The auction is scheduled to take place on Thursday, January 23rd 2020 at Caesar’s Entertainment Studios, beginning at 12 noon. For information about the bikes and the auction itself, please visit – https://www.bonhams.com/auctions/25835/ You can also contact Michael Caimano directly at 929-666-2243 or Michael.Caimano@Bonhams.com
Check out all Joe’s bikes that are being offered at Bonhams. Good luck to bidders and seller! -dc
Even if not fans, RSBFS readers will acknowledge Honda’s long history of success in motorcycle production and racing. These days, Honda seems to have the engineering chops ( and resources ) to do almost whatever they put their minds to – witness their Formula 1 winning V6’s for Williams and McLaren, several years as CART’s engine of choice, and more recently the HondaJet aircraft ( with turbofans developed by Honda and GE ).
The VFR750R/RC30 from 1987-1990 is just one more example, where engineers and designers pulled a winning concept together, and the manufacturing side of the company executed beautifully, about 3,000 times. As testament, the factory team won the inaugural WSBK season in 1988. This rare example has been in a collector’s display since new, and occasionally exercised, turning under 1,200 miles.
As their homologation special for the Superbike World Championship, the RC30 really was the mythical race bike with lights. From the sharp-steering alloy chassis to the 296mm front disks to the single-sided Pro-Link swingarm, the RC30 provided the racers what they needed. Shocks and forks on the single seater were only adjustable for preload, since the race teams would be putting their own special parts. The compact V-4 looked similar to the preceding VFR750F, but shared almost no internal parts. Even the exhaust note with the new 360-degree crank was specific to the RC30.
Resting in the motorcycle wing of a large auto collection, this RC30 has received excellent care and not even break-in miles. The pictures show an apparently new machine, even though a generation has passed since it was built. The owner tells of a mid-life cosmetic refurbishment:
In general, I do believe super rare Italian motorcycle of the 1970s and 1980s are the future Ferrari of motorcycle collecting. We all know what has happened to Ferrari.
An exception would have to be my super low (under 1,200) miles, almost perfectly like-new 1990 Honda RC30.
Yes, there are a few exceptions to what I call my Italian collecting rule and one of those would be the 1990 Honda RC30. This 1990 Honda RC30 needs no introduction or explanation by me as it is such a famous Honda, that the only thing you need to know about an RC30 is if you are getting a good one or a really great one or one of the very best.
The RC30 in this listing was purchased for the collection several years ago and is an extremely low mileage bike. It was absolutely 99% perfect, however, some of the detail parts that were white rubber or painted white had become slightly discolored. At that time, almost ten years ago, Honda was still had these parts in stock and we purchased each and every part to bring the cosmetic looks of the bike back to 99%. This 1990 Honda RC30 has not been raced or abused or messed with in any way. It currently looks like new, runs just as it should and is kept on a trickle charger and is exercised thoroughly during the spring, summer, and fall; and again it has never been raced or abused (most have been!).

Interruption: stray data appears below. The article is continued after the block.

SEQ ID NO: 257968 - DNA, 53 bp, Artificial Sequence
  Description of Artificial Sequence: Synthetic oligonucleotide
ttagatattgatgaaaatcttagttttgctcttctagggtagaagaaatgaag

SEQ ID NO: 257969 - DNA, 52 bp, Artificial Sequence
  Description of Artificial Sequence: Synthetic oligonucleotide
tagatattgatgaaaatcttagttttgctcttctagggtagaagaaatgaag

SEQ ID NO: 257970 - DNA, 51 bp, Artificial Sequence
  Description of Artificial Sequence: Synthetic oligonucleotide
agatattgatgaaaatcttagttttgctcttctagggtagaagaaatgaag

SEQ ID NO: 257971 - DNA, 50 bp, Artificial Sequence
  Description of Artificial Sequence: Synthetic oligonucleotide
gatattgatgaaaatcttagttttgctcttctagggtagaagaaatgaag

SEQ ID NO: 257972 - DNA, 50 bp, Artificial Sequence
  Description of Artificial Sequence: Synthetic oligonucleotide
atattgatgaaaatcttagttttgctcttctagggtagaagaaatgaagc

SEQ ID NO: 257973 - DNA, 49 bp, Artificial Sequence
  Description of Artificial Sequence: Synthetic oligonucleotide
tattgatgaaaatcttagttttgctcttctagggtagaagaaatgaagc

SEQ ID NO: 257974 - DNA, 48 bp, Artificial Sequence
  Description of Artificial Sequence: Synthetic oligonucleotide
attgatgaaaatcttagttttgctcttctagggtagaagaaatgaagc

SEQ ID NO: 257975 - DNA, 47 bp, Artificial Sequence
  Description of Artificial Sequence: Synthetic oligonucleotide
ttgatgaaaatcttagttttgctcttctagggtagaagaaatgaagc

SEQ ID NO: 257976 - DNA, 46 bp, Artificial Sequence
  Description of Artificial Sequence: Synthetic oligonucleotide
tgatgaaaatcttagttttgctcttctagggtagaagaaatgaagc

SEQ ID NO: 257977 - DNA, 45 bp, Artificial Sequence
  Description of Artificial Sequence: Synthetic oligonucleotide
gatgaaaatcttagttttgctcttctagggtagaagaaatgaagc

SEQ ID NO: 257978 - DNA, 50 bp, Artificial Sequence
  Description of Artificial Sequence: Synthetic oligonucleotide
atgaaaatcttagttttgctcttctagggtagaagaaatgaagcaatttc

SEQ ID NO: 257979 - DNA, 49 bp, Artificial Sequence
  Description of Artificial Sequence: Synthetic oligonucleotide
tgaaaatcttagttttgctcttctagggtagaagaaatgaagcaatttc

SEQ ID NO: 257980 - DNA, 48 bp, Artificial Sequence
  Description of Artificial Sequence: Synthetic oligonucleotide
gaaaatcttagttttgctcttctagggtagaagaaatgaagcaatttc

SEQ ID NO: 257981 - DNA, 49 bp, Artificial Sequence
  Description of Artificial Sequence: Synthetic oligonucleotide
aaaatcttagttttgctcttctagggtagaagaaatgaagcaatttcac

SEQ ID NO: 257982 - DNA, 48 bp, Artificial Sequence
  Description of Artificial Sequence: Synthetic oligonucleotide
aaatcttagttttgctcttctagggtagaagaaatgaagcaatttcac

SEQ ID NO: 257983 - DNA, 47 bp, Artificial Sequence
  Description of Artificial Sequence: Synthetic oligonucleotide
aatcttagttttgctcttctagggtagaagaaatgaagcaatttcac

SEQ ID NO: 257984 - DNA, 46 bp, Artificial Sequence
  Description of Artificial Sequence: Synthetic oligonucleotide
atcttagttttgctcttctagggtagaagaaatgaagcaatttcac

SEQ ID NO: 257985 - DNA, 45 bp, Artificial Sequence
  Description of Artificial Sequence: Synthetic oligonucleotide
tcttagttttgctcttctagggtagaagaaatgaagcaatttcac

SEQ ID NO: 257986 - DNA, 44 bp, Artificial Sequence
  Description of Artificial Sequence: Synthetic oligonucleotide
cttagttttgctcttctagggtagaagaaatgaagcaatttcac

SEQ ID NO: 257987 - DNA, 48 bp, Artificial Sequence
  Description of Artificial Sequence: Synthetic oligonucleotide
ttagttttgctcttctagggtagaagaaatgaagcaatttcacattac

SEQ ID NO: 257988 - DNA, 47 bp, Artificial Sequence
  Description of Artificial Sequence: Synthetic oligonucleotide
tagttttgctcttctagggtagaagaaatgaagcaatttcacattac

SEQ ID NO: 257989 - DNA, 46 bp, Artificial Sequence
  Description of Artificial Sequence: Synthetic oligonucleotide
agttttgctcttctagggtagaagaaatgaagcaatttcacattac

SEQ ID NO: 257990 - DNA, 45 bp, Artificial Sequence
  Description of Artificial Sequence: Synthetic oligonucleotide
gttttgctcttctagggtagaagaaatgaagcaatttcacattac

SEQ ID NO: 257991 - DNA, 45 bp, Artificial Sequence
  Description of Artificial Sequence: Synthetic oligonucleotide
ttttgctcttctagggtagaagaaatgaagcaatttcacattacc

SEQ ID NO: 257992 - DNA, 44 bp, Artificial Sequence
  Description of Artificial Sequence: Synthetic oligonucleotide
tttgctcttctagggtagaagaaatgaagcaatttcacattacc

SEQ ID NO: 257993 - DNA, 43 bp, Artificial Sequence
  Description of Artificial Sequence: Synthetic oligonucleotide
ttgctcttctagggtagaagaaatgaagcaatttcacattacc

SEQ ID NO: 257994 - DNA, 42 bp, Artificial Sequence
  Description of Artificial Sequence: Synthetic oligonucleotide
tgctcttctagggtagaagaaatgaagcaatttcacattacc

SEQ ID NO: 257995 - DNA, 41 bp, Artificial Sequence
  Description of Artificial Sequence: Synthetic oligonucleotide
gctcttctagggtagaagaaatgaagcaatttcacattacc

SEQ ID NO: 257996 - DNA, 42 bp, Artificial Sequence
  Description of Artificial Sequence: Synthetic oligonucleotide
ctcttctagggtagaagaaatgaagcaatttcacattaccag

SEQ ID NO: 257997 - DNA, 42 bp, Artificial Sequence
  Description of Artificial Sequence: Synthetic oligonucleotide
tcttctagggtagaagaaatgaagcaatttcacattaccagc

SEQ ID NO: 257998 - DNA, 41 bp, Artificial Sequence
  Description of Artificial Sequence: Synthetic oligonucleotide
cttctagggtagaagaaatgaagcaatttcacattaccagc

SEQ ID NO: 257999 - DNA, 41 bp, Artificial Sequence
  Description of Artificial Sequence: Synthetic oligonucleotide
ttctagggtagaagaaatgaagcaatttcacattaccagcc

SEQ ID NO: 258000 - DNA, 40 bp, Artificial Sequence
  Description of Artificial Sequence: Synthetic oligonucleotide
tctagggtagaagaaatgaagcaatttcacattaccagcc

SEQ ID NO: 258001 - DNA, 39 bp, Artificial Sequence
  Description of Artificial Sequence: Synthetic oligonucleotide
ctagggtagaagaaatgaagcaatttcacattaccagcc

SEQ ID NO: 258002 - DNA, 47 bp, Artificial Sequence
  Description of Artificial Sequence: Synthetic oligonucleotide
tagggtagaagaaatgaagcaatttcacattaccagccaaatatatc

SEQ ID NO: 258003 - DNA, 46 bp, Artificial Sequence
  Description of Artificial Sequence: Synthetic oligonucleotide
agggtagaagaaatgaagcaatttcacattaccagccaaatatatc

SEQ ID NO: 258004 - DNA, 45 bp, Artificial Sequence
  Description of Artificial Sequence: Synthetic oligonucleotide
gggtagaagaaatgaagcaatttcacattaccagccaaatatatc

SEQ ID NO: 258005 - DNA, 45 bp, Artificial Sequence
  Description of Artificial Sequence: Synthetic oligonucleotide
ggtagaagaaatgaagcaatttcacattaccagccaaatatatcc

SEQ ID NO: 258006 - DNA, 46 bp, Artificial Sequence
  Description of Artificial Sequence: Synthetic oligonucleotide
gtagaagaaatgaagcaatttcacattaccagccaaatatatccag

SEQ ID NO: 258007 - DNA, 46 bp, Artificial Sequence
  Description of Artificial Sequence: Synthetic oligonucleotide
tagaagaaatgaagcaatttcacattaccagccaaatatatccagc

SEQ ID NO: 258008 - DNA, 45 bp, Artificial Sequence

As you may already know, there is nothing more exciting nor handles better than the Honda RC30. The looks, graphics, and colors of the bike need no apology either. They are absolutely a stand-out in any crowd of motorcycles. Most RC30s were extensively raced and it is very hard to find one that has not been modified or raced. You are looking at one that has not been abused in that way shape or form. This bike is always kept on a trickle charge and ready take a trip to any bike show at a moment’s notice. This is truly a bike for a serious collection and it would be a shame to abuse it. Oh yes, it comes with a new Honda rear wheel stand still in the box.
All my bikes are kept in climate controlled storage and on trickle chargers when not in use so they are always ready to take a day’s ride at a moment’s notice.
Honda might be accused of an obsession with the V-4, which brought it multiple WSBK titles along with TT and endurance racing wins. After Superbike rulesmakers made a short dalliance with the V-twin an offer they couldn’t refuse, Honda returned to the four with the RC212V. But for road riders, the RC30 was a moment when you could buy something very special from the local dealer, even though it cost twice as much as the nearest competitor. That moment is reflected in recent asking prices even for fairly well-used examples. But in this case, we have an RC30 that has been in a collector’s hands from day one, without damage history and in impeccable shape.